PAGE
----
Most future jobs will require 'emotional labour' not tech skills
- With automation encroaching on traditional skill sets, future job seekers will need to lean increasingly on "emotional labour" in order to stay relevant, Aeon reports.
- Caregiver jobs — like home healthcare aides and customer service positions — are likely to grow faster than those in STEM fields or manufacturing. In a 2015 paper, a Harvard economist reported strong job growth statistics for positions involving social skills between the period 1980 and 2012.
- This trend contrasts with society's historical treatment of those whose jobs depend on emotional intelligence and soft skills, Aeon says. In fact, many of these workers could be underpaid and their work considered thankless.
After decades of focus on science, technology, engineering and math (STEM) skills, employers now recognize the need for soft skills across all professions. Asset management firm BlackRock plans to hire liberal arts graduates along with STEM majors. The firm wants to add humanities and social science graduates along side of its tech hires.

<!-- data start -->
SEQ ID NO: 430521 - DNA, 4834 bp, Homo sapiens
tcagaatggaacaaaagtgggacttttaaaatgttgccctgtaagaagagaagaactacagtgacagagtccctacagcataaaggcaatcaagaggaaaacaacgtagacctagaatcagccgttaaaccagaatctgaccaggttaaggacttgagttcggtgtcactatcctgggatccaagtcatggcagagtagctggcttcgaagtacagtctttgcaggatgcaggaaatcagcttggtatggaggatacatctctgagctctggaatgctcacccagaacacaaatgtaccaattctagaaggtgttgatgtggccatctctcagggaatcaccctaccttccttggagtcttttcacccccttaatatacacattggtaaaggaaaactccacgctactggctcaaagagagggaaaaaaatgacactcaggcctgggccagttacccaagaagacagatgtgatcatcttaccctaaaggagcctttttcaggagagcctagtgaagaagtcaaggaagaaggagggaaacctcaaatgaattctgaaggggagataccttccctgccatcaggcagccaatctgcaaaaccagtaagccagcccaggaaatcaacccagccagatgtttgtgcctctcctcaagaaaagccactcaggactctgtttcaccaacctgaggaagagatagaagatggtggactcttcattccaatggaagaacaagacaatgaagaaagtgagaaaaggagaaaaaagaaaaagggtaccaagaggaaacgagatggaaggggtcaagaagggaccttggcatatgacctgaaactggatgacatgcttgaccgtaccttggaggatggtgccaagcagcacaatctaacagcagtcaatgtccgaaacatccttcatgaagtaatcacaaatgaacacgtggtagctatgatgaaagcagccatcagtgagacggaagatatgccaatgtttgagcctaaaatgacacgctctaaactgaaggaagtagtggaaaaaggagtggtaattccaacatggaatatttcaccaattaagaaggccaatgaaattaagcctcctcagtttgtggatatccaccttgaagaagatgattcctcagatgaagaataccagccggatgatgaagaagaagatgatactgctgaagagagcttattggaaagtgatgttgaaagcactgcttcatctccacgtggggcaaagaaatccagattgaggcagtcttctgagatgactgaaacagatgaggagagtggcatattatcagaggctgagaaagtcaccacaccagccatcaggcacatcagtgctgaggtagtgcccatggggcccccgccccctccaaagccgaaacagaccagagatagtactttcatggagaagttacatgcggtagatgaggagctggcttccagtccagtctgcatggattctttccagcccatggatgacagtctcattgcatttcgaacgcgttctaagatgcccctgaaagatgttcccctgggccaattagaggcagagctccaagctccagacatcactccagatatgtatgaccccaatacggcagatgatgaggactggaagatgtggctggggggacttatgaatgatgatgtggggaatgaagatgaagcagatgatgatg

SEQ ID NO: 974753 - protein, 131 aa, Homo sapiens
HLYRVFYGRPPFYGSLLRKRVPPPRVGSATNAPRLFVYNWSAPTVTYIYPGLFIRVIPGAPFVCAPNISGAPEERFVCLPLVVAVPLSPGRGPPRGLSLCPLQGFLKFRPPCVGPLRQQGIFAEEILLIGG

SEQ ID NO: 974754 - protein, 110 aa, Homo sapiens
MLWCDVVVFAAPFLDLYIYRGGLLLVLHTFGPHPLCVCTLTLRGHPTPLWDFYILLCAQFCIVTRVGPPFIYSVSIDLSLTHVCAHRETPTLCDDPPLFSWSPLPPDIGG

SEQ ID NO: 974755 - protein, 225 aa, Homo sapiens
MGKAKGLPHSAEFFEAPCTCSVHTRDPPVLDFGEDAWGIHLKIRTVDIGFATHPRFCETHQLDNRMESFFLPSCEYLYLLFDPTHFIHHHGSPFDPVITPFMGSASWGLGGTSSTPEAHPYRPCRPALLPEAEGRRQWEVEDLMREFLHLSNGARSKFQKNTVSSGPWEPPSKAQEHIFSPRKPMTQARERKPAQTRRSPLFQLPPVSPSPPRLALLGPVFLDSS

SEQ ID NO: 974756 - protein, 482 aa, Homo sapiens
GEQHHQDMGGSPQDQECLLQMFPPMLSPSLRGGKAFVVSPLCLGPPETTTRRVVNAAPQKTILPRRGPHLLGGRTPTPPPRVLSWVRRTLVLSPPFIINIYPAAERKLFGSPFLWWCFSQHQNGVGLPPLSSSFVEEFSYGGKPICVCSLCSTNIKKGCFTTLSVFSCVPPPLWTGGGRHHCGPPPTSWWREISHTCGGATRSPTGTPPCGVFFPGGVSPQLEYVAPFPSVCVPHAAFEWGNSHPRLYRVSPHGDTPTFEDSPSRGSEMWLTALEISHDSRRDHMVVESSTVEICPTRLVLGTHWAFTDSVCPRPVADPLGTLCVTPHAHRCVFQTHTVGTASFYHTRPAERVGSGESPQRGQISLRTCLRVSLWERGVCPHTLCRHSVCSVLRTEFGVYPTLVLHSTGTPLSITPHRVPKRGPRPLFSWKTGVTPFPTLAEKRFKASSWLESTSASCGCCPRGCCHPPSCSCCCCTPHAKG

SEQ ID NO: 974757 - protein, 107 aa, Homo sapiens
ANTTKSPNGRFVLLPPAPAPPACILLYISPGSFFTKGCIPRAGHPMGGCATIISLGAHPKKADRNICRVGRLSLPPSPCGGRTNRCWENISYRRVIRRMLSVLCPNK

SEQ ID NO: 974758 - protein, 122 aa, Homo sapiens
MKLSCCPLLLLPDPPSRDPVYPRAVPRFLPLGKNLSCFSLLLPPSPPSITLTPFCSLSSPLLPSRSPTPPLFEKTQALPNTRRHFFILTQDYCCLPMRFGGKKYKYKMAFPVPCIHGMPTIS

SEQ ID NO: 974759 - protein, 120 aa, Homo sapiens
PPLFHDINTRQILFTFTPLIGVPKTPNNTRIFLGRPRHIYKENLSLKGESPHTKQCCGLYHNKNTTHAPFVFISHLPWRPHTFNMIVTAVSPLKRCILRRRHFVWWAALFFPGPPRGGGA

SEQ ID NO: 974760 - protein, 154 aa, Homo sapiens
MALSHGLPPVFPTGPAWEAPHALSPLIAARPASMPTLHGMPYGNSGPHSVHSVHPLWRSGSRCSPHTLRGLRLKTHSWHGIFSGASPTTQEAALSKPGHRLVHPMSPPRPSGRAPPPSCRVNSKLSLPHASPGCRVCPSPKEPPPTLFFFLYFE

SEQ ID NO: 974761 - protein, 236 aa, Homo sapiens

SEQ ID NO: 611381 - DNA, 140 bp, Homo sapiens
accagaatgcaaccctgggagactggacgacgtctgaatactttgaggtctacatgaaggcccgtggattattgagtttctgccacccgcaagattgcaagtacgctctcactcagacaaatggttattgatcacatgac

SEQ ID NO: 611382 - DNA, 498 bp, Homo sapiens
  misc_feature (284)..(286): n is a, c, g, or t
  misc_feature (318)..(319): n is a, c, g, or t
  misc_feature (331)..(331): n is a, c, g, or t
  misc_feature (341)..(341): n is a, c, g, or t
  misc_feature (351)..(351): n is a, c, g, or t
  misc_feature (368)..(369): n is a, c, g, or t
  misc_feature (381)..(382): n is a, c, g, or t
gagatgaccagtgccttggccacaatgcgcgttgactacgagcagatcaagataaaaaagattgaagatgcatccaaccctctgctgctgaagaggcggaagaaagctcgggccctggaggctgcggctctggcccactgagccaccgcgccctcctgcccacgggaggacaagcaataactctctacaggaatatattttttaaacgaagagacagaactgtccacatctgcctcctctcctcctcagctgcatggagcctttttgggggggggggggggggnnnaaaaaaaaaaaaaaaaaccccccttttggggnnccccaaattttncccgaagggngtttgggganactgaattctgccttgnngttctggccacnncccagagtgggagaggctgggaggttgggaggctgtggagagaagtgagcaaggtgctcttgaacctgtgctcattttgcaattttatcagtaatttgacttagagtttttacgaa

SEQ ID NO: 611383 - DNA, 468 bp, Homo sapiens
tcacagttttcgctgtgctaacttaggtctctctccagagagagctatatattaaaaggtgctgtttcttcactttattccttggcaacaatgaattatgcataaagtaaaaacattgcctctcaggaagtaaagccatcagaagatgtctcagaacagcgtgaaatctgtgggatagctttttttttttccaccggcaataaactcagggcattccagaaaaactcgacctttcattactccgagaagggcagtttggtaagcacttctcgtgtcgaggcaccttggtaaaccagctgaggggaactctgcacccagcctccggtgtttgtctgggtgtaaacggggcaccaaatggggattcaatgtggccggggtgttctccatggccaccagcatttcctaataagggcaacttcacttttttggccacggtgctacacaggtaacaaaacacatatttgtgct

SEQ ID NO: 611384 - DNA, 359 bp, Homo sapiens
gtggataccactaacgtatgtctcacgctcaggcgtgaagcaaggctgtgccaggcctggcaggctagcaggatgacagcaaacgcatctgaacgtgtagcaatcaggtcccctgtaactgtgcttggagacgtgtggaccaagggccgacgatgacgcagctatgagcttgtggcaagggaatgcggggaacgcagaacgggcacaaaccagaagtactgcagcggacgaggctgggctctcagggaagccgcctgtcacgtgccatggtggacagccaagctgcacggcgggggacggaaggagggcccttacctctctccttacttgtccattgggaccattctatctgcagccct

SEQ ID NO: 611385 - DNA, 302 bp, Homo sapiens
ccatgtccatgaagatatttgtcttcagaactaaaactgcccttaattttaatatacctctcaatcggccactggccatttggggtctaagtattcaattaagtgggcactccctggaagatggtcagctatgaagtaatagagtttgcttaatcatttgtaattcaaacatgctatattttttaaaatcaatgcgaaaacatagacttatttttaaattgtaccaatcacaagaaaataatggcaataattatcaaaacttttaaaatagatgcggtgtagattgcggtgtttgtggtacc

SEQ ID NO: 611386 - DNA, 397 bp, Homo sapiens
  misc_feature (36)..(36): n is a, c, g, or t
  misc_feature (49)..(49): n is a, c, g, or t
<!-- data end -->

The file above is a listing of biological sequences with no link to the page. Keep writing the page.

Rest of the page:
A new demand for one particular soft skill, empathy, has even reached the leadership level of the workplace. A survey found that more than 90% of both HR professionals and employees believe an organization can't operate successfully without empathetic leaders. However, less than half of employees thought of their own organizational leaders as empathetic.
Perhaps it's time for the human side of the work to get its due. Organizations calling for more empathy will need to back up their stated goals with cultural changes and clear guidelines for appropriate conduct. Soft skills training could soon revolutionize the way HR practitioners envision career development.
The emotional intelligence trend demonstrates the value of workers as productive people with personal development, work-life balance, health and wellness needs — not just human capital.
- Aeon The future is emotional
- HR Dive Is empathy training the next evolution of corporate professional development?
- National Bureau of Economic Research The Growing Importance of Social Skills in the Labor Market